By Michelle Garcia
Originally published on Advocate.com March 24 2014 3:32 PM ET
Hundreds of same-sex couples tied the knot over the weekend, following a federal judge's ruling that Michigan's voter-approved marriage ban was unconstitutional. Nonetheless, within 24 hours of Judge Bernard Friedman's ruling on Friday, an appeals court issued a temporary stay on all further marriages.
Although court-watchers expected a stay on any ruling that struck down the ban, Friedman's ruling did not appear to include such a delay on its implementation, prompting Equality Michigan to announce that same-sex couples in Michigan could begin marrying immediately.
Glenna DeJong and Marsha Caspar of Lansing were the first same-sex couple to marry in Michigan. DeJong told the Huffington Post that she and her partner barely gave a second thought to what their next step was, after the ruling had been issued.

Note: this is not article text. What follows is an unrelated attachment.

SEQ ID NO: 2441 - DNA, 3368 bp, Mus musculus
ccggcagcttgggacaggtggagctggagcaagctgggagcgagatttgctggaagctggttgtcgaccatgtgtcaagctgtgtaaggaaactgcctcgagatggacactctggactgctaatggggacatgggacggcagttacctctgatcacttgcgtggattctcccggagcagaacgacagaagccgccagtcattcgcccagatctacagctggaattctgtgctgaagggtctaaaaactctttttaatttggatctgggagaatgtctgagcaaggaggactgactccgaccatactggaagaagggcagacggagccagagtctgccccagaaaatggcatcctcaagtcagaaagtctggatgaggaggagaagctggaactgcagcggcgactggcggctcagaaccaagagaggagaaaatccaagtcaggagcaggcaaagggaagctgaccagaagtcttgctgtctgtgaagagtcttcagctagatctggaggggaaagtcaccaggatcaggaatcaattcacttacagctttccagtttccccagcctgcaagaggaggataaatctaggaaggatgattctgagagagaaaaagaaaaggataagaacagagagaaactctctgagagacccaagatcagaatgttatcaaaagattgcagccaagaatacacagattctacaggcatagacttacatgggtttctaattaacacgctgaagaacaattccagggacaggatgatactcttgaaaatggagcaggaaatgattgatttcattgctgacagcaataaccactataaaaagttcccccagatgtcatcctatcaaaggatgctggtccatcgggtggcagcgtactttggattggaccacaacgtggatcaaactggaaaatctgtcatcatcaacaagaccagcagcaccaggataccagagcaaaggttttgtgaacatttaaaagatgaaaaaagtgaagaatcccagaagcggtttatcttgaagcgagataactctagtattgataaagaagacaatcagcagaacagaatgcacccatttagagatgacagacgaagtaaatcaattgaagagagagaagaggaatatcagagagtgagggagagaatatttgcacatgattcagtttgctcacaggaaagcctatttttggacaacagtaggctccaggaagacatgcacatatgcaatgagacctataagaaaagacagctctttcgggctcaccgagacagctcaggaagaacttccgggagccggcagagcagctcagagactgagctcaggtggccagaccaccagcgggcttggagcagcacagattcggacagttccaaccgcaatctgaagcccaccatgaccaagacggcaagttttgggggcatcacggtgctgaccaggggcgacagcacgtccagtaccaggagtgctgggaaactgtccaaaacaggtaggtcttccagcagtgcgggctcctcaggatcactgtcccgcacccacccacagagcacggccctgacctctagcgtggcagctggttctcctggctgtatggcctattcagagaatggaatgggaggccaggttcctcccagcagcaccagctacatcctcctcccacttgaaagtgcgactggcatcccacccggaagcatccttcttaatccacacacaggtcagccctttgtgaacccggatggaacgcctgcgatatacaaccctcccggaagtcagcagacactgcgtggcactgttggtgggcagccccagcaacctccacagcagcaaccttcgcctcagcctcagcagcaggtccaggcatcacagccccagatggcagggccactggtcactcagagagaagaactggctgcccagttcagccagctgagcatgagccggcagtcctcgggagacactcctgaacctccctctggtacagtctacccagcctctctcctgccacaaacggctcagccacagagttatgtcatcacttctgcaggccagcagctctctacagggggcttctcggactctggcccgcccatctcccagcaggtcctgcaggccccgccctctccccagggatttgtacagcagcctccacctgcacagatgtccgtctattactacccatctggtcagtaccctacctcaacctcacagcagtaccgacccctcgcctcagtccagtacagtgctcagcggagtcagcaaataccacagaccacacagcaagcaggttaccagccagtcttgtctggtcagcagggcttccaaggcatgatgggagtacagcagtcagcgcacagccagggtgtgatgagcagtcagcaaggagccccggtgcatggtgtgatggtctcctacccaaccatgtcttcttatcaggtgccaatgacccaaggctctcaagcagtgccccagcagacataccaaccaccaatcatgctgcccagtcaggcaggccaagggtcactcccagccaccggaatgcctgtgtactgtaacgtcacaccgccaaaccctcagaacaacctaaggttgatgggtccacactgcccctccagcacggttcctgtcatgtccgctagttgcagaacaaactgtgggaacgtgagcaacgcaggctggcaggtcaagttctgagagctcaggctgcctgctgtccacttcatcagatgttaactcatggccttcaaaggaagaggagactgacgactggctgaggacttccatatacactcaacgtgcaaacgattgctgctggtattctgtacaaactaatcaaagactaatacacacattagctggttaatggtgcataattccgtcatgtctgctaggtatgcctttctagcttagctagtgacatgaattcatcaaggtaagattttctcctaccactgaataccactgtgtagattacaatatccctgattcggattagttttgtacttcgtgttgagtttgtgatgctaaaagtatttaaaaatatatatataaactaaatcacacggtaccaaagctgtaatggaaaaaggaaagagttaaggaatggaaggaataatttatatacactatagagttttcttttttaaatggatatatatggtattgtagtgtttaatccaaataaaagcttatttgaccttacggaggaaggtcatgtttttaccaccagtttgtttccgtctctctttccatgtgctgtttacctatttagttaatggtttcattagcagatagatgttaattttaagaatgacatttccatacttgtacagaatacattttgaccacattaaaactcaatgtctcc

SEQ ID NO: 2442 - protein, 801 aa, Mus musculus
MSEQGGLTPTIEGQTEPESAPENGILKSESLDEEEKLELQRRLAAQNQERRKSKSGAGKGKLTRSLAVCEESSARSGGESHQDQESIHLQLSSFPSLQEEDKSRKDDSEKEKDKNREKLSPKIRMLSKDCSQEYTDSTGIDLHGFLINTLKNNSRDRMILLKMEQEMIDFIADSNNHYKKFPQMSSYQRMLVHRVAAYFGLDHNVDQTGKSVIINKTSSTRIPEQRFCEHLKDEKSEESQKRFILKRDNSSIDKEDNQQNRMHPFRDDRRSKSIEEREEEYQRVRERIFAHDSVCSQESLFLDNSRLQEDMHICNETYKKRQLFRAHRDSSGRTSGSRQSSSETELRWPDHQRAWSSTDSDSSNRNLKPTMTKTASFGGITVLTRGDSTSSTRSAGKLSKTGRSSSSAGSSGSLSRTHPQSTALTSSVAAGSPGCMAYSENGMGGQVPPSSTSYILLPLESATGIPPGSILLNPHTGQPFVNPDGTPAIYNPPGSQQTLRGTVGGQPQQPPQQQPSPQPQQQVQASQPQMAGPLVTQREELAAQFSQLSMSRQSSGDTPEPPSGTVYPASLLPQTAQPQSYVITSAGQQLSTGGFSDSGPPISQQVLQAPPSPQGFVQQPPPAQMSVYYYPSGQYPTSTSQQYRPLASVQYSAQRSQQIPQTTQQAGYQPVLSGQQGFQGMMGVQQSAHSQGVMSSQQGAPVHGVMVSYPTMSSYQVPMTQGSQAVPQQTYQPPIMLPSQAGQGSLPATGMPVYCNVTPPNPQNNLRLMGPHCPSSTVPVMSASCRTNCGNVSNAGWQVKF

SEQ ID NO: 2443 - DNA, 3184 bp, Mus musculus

"We didn’t plan, try, or even think about being the first gay couple to officially marry in Michigan," DeJong said. "I guess it’s just that I’m old and I woke up early. I picked up my iPad at about 6:40 and I was able to see the tweet from Barb Byrum, our county clerk, at 6:37. So within three minutes I saw it, I was waking Marsha up and we were out the door.”
Friedman's ruling was a result of a lawsuit brought forth by Jayne Rowse and April DeBoer, who sued for the right to adopt each other's children together. They told MLive that they would wait until the state completely, officially honors marriage equality, even if the process takes years to complete.
"We will get married when we know that our marriage is forever binding," DeBoer said.